7. The increased US Federal Budget deficit in the face of a US Trade Deficit increases the US Current Account Deficit.
  8. The US Current Account Balance is the speedometer of the money exiting the US into world markets (deficit).
  9. It is this deficit that must be met by incoming investment in the US in any form. It could be anything from businesses, equities to Treasury instruments. We are already seeing a fall off in the situation of developing nations carrying the spending habits of industrial nations; a contradiction in terms.
  10. If the investment by non US entities fails to meet the exiting dollars by all means, then the US must turn within to finance the shortfall.
  11. Assuming the US turns inside to finance all maturities, interest rates will rise with the long term rates moving fastest regardless of prevailing business conditions.
  12. This will further contract business activity and start a downward spiral of unparalleled dimension because the size of US debt already issued is of unparalleled dimension.
Therefore as you get to #12 you are automatically right back at #1. This is an economic downward spiral.
I heard all this "slow business" as negative to gold talk in the 70s. It was totally wrong then. It will be exactly the same now.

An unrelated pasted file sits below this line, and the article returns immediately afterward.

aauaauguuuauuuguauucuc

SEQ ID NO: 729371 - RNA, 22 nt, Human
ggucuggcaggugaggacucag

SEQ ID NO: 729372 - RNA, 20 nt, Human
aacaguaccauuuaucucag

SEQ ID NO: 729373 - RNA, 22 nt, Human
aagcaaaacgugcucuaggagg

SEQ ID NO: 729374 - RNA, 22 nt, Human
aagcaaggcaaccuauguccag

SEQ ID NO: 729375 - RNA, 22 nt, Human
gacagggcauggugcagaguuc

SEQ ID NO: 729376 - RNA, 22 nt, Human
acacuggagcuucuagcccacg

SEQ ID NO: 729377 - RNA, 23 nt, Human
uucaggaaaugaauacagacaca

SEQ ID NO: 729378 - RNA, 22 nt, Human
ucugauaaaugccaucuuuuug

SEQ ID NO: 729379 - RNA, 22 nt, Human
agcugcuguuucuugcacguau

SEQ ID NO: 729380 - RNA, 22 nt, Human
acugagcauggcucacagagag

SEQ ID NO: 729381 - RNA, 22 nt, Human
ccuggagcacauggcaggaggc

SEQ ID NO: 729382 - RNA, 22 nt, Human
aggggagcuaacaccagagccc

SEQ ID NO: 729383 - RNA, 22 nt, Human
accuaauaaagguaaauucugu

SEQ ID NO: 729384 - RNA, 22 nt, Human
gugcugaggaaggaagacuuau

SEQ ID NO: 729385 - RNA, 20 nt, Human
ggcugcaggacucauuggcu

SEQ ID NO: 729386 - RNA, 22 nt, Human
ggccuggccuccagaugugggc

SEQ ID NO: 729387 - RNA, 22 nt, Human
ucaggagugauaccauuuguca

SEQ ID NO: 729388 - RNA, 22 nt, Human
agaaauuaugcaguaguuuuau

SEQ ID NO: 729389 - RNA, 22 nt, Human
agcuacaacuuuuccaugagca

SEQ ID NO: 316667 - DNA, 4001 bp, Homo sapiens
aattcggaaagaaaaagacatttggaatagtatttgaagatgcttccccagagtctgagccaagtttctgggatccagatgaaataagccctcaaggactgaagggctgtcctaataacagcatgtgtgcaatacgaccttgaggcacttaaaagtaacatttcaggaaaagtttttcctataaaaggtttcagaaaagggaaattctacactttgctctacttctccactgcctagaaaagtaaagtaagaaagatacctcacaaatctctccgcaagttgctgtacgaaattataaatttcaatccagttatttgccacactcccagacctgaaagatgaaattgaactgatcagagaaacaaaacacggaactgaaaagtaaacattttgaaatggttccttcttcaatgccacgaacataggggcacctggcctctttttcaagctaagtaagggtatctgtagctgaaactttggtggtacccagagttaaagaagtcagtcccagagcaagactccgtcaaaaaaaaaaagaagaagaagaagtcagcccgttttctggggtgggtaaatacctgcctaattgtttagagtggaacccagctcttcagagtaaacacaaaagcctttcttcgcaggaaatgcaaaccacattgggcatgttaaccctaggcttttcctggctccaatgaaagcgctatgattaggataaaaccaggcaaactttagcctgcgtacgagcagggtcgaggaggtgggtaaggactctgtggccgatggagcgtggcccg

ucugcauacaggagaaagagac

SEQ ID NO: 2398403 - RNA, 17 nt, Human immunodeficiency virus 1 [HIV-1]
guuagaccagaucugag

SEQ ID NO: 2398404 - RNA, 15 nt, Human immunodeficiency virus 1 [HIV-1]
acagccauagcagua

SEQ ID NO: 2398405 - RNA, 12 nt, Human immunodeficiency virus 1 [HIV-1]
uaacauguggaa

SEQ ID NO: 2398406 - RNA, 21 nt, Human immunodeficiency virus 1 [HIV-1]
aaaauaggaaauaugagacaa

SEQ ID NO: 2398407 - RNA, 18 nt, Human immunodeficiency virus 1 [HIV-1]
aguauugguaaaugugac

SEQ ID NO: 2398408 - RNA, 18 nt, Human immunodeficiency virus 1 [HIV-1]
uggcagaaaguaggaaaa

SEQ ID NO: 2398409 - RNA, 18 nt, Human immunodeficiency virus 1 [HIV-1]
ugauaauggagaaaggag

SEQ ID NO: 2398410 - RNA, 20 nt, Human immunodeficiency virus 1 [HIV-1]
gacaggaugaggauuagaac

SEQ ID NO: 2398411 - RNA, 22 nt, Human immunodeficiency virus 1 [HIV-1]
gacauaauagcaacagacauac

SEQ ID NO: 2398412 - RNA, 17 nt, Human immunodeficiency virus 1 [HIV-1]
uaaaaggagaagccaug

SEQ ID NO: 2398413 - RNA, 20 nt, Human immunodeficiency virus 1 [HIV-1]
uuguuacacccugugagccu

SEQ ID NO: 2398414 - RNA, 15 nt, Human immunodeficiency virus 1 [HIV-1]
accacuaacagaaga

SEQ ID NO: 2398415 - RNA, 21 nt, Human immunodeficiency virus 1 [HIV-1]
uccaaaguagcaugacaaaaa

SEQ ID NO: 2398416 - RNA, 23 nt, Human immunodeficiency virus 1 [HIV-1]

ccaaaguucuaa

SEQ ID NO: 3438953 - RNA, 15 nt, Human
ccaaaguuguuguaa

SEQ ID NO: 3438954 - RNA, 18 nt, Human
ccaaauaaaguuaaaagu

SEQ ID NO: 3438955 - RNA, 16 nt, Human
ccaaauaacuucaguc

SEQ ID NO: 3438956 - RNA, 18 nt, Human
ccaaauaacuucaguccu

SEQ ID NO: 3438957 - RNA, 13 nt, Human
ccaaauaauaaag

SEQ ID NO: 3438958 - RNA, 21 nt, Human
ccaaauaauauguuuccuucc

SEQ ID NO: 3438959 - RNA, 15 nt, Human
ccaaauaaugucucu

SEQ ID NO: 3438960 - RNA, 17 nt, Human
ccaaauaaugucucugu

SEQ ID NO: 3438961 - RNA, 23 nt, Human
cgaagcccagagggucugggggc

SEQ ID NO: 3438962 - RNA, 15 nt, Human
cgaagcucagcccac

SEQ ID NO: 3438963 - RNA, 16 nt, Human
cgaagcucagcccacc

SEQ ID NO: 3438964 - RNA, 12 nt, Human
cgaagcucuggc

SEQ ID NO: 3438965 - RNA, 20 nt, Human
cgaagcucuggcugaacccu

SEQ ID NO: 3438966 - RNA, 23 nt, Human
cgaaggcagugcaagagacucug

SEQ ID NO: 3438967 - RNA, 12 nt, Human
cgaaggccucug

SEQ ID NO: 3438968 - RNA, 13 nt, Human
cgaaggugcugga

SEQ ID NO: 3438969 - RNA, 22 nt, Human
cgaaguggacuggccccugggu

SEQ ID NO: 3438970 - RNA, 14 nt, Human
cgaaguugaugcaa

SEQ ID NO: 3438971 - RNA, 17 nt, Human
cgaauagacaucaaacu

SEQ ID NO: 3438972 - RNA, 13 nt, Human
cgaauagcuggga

30 posted on 02/09/2008 4:43:33 AM PST by dennisw (Never bet on Islam!)
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To: Travis McGee
Very likely scenario

I've been a believer in a catastrophic end for fiat money and fractional reserve banking since I was 18. I'm going to be 58 this year.

Man, have I placed a lot of losing bets!

That having been said, this scenario exposes the fraud of calling what people do with paper (of all kinds) the "economy".

The real economy is, or was, inventing, creating, producing, extracting, exploiting, building, and growing.

Those activities ARE the economy.

House flipping and derivative bundling are not.

A restoration of a real economy is a necessity, and perhaps catastrophe (well, not so much, since we'll still have the land, the resources, and the people) is a necessary step along the way.

31 posted on 02/09/2008 4:50:10 AM PST by Jim Noble (Look out kid, they keep it all hid)
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To: Jim Noble

I’m roughly the same
Looks like this time it is real

Check out the Bush family gold mine — Barrick = ABX

The elites are buying gold and gold mines to hedge against the meltdown they hastened along with stupid trade and monetary policies

Barrick Gold - Wikipedia, the free encyclopediaBarrick Gold Corporation TSX: ABX NYSE: ABX is the largest pure gold mining company in the world, with its headquarters in Toronto, Ontario, Canada; ...
en.wikipedia.org/wiki/Barrick_Gold - 60k - Cached - Similar pages - Note this


32 posted on 02/09/2008 4:59:31 AM PST by dennisw (Never bet on Islam!)
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To: TigerLikesRooster

For later

for later


33 posted on 02/09/2008 5:07:23 AM PST by JDoutrider (No 2nd Amendment... Know Tyranny)
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To: dennisw; skipper18; TigerLikesRooster; Jim Noble; AndyJackson; ex-Texan; Squantos; river rat; ...
Please consider reading the entire linked analysis I excerpted at 15.